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Holistic intelligence and the limits of Big Data

Big Data has been heralded as a ground-breaking technology that will transform the way that businesses operate. As such, major organizations have been quick to understand and implement Big Data analytics in a number of different ways. The most common implementations have to date been limited to internally-focused information, through fairly standardized techniques. There are therefore a number of externally-focused areas in which Big Data technologies could be further utilized, as well as the potential for stretching the industry towards ever more complex analytics. Nevertheless, there must also be some limitations to the scope of Big Data, some of which could potentially be found in the limits of computers themselves.

The dominant operational feature of Big Data in recent years has been a restriction to internally-focused data, either from information about the company itself and its processes, or through the interaction of customers with that company. For example, in terms of analyzing customer generated information, Big Data has been used by NASCAR to help it understand the data that can be collected about its 75 million fans through social media, broadcast media, and traditional press outlets. Tying all of this information together through an analytics and visualization package, NASCAR is able to understand public sentiment and react to fan and press impressions of the sport extremely quickly. NASCAR is therefore able to tailor its public interactions based on a real-time understanding of public perceptions.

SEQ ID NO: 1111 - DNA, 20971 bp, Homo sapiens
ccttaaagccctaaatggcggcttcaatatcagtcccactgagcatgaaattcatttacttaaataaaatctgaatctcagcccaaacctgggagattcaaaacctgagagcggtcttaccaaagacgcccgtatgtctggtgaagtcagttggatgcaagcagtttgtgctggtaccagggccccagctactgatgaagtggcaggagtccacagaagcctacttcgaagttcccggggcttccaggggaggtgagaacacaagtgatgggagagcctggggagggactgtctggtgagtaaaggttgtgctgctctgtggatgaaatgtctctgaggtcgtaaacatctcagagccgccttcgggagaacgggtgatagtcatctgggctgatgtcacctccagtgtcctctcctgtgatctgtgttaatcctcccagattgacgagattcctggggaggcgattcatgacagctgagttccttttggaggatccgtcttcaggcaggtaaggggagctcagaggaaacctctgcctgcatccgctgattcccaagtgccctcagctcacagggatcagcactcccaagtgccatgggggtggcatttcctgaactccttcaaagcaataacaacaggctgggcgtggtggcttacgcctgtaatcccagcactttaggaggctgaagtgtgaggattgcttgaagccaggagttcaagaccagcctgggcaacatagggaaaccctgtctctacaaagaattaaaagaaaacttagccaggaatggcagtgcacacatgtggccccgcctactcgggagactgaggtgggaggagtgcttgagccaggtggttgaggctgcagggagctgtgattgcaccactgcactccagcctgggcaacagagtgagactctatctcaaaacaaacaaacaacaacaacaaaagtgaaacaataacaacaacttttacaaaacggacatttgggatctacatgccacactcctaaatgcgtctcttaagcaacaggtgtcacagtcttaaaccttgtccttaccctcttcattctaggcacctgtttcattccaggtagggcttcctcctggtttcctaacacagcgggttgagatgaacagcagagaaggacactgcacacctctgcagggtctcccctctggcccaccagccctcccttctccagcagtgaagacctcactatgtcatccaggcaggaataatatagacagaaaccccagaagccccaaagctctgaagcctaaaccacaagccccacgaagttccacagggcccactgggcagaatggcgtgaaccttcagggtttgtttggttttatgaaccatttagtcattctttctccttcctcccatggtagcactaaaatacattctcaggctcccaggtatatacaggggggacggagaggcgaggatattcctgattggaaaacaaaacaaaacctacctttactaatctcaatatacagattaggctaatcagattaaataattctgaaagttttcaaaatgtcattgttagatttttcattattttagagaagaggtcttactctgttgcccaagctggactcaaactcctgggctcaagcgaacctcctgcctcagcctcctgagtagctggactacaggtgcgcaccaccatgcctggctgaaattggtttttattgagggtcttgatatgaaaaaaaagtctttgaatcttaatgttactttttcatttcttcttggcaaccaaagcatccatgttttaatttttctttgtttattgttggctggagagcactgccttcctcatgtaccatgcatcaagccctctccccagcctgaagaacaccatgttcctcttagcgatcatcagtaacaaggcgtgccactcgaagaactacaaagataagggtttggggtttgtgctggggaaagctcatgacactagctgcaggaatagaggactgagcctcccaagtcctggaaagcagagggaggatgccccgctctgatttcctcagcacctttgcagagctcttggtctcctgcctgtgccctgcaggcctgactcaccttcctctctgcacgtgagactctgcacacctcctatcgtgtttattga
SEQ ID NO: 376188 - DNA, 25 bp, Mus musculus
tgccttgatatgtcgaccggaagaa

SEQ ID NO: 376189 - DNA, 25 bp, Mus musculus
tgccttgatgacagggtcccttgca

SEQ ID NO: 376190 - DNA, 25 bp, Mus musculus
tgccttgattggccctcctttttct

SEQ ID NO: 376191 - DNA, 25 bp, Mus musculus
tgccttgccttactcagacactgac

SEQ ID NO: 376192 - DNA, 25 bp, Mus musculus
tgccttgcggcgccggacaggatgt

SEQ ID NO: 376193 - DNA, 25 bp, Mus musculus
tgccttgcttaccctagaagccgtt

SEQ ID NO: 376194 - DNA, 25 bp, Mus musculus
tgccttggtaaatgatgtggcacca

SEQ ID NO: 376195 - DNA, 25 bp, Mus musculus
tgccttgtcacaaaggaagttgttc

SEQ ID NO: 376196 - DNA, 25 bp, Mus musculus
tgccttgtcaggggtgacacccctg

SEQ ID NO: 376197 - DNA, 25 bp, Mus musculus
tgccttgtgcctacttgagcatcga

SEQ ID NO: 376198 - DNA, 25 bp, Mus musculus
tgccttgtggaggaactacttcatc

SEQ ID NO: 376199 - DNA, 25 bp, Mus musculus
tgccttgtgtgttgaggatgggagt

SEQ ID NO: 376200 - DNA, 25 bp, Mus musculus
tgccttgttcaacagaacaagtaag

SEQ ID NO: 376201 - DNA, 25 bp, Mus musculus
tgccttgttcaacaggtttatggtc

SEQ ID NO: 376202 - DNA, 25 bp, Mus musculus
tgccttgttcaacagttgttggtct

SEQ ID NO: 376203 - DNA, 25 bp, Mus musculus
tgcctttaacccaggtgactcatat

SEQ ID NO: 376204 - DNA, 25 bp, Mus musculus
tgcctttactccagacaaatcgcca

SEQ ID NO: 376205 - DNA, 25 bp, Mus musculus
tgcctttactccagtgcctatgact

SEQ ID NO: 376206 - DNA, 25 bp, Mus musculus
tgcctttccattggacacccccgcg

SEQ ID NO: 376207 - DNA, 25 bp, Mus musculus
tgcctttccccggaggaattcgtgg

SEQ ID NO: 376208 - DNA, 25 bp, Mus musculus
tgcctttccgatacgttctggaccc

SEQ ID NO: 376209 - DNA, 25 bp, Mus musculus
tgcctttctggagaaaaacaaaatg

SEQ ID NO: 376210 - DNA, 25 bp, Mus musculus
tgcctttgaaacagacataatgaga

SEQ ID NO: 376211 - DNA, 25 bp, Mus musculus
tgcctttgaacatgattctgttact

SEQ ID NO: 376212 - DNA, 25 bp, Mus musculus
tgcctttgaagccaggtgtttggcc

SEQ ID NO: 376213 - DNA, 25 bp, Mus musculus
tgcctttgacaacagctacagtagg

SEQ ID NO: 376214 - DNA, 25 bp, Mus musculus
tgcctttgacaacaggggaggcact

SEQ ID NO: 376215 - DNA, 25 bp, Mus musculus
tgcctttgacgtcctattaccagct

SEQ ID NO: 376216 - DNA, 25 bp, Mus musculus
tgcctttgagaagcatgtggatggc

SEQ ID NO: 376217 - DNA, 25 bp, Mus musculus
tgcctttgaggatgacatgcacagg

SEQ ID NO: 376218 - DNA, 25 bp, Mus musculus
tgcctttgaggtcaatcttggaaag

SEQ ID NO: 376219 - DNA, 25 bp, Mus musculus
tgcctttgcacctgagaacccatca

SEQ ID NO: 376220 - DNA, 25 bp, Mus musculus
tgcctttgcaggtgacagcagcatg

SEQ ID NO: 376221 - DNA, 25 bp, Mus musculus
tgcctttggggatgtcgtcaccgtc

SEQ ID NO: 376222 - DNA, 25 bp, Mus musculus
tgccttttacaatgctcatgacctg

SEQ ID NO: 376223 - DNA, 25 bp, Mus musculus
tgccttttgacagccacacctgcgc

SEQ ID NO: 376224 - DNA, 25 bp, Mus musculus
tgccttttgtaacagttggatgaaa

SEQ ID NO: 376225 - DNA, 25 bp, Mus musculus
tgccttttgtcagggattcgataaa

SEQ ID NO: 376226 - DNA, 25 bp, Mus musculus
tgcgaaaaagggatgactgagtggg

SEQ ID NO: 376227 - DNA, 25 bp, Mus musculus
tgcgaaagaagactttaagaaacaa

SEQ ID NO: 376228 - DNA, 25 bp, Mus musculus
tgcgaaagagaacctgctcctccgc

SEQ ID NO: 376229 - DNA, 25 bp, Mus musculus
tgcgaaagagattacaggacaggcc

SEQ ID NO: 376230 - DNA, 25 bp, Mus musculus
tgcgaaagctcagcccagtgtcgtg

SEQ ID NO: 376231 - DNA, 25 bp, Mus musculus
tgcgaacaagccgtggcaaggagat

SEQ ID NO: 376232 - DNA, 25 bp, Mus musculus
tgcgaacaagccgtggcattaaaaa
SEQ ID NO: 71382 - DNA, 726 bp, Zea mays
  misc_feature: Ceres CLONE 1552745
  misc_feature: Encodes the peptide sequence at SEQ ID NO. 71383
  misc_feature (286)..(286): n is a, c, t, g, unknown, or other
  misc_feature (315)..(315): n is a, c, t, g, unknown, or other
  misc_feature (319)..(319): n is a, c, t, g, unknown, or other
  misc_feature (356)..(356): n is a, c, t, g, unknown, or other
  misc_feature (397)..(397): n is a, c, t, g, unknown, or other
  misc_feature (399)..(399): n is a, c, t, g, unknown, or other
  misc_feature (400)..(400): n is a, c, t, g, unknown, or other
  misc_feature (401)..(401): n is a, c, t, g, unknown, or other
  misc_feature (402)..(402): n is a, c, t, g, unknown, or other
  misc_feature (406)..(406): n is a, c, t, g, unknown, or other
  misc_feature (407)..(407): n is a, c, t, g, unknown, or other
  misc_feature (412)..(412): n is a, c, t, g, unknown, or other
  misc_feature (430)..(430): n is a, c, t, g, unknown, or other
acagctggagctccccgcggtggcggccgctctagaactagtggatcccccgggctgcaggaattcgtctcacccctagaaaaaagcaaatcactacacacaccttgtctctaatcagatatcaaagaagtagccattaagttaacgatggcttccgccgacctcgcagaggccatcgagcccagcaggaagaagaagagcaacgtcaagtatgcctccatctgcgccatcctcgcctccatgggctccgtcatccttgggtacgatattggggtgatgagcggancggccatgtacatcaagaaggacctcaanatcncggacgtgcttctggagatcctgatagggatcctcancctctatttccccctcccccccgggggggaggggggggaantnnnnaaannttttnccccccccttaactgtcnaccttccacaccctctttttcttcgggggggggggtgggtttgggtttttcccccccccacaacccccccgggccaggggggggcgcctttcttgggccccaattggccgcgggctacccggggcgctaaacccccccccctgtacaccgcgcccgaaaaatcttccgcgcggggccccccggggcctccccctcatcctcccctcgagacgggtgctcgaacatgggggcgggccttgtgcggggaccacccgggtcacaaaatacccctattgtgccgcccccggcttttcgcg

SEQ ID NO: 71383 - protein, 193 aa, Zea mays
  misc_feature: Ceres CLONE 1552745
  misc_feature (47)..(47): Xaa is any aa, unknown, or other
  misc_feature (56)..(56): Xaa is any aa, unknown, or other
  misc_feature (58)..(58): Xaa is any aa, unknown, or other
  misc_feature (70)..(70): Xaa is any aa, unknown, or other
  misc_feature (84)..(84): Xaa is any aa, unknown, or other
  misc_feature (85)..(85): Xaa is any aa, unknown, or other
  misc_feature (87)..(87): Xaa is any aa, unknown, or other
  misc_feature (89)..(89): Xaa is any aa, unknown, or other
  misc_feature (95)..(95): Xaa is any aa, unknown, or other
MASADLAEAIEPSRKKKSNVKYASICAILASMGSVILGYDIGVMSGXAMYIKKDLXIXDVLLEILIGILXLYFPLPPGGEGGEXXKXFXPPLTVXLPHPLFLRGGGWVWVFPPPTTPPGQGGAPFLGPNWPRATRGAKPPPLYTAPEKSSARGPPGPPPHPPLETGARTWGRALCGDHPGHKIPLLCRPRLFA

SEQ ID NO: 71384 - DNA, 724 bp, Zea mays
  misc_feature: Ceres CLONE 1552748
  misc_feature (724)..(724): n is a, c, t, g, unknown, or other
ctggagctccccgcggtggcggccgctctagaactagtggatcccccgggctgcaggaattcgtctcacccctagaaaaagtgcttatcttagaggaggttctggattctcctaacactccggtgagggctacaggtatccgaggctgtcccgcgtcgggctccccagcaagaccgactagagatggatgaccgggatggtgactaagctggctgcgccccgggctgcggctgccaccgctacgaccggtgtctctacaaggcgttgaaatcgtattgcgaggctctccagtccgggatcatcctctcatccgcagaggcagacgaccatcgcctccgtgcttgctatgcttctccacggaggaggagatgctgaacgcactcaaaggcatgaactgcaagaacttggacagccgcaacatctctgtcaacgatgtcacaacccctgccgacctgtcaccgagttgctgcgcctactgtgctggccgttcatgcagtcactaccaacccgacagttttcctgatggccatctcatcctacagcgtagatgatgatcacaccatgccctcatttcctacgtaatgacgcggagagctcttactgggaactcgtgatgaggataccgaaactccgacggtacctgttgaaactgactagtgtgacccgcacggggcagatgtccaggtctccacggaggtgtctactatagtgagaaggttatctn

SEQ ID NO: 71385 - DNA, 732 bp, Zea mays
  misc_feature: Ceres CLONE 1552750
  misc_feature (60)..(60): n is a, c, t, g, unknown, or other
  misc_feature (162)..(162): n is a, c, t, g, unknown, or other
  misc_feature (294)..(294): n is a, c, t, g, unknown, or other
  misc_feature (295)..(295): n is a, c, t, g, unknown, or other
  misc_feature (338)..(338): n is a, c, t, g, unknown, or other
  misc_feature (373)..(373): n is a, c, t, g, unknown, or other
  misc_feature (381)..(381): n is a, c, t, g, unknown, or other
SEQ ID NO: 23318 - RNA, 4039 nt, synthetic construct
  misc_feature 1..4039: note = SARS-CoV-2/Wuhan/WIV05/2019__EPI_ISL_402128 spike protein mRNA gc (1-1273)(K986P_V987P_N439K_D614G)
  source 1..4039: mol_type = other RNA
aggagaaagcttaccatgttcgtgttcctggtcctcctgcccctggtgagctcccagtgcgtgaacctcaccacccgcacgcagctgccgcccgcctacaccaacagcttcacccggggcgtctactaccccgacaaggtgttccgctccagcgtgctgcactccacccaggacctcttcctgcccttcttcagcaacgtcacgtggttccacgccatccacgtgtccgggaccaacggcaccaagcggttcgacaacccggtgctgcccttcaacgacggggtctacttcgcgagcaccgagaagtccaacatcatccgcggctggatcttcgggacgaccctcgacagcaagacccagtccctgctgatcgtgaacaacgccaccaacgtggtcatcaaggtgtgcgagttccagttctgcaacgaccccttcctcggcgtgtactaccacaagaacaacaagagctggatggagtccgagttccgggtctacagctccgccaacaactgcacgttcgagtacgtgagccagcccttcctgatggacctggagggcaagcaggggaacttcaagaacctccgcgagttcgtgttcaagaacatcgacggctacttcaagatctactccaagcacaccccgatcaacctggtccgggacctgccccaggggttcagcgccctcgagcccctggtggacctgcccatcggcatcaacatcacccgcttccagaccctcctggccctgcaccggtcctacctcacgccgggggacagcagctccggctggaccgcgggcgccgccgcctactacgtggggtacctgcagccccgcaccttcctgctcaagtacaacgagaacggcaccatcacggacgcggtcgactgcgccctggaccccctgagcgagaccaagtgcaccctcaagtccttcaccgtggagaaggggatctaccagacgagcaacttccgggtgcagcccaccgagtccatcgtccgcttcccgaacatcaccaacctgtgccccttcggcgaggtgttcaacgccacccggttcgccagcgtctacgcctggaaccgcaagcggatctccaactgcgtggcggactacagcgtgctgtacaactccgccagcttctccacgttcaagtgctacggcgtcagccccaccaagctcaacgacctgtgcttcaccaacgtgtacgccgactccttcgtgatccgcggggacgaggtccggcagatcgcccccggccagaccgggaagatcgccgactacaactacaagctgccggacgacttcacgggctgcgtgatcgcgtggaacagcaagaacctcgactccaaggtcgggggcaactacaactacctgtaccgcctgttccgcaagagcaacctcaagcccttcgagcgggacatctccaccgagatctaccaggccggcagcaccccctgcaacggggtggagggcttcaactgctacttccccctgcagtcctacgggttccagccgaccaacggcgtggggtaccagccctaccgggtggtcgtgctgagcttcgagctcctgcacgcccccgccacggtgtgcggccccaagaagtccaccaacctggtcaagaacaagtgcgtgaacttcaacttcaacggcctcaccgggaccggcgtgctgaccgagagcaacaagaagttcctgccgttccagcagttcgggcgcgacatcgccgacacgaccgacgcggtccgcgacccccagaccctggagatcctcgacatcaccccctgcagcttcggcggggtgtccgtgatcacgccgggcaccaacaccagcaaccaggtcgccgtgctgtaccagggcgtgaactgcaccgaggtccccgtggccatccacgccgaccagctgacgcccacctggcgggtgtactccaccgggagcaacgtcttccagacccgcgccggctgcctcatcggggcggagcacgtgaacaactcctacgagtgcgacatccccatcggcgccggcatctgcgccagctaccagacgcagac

Externally-focused Big Data analytics could be the next level of competitive advantage for businesses. In short, Big Data is likely to get even bigger, shifting from marketing and operational optimization to a broader understanding of the business climate and therefore the ability to inform which long-term strategies to undertake.

In his 1989 book ‘The Emperor’s New Mind’, mathematical physicist Roger Penrose outlined the potential limitations of computer algorithms as a way to achieve artificial intelligence. In brief, Penrose argued that there are parts to the functioning of human intelligence that we do not understand, these parts may be outside of our understanding of physics, and these parts cannot be replicated by computational methods. Whilst this is somewhat of a digression, it does have some relevance for the Big Data industry. Broadly, once Big Data analysts master a wealth of algorithms that can be applied to large datasets, companies will begin to seek non-computational insights and find those areas of perception that cannot be performed through a computer program. In other words, human understanding and communication will gain more value in terms of the ability to comprehend Big Data output and the ability to understand what questions need to be asked about a business.

The combination of externally-focused Big Data analytics and non-computational insights could be termed ‘holistic business intelligence’.

To explore the Big Data industry in detail, see our latest case study – ‘Big Data: A road map for business intelligence‘, which provides a comprehensive understanding of the core technologies and key players. It also analyzes the uses of Big Data in terms of business intelligence and seeks to identify potential gaps in the market, giving an outline of a conceivable future for the industry.

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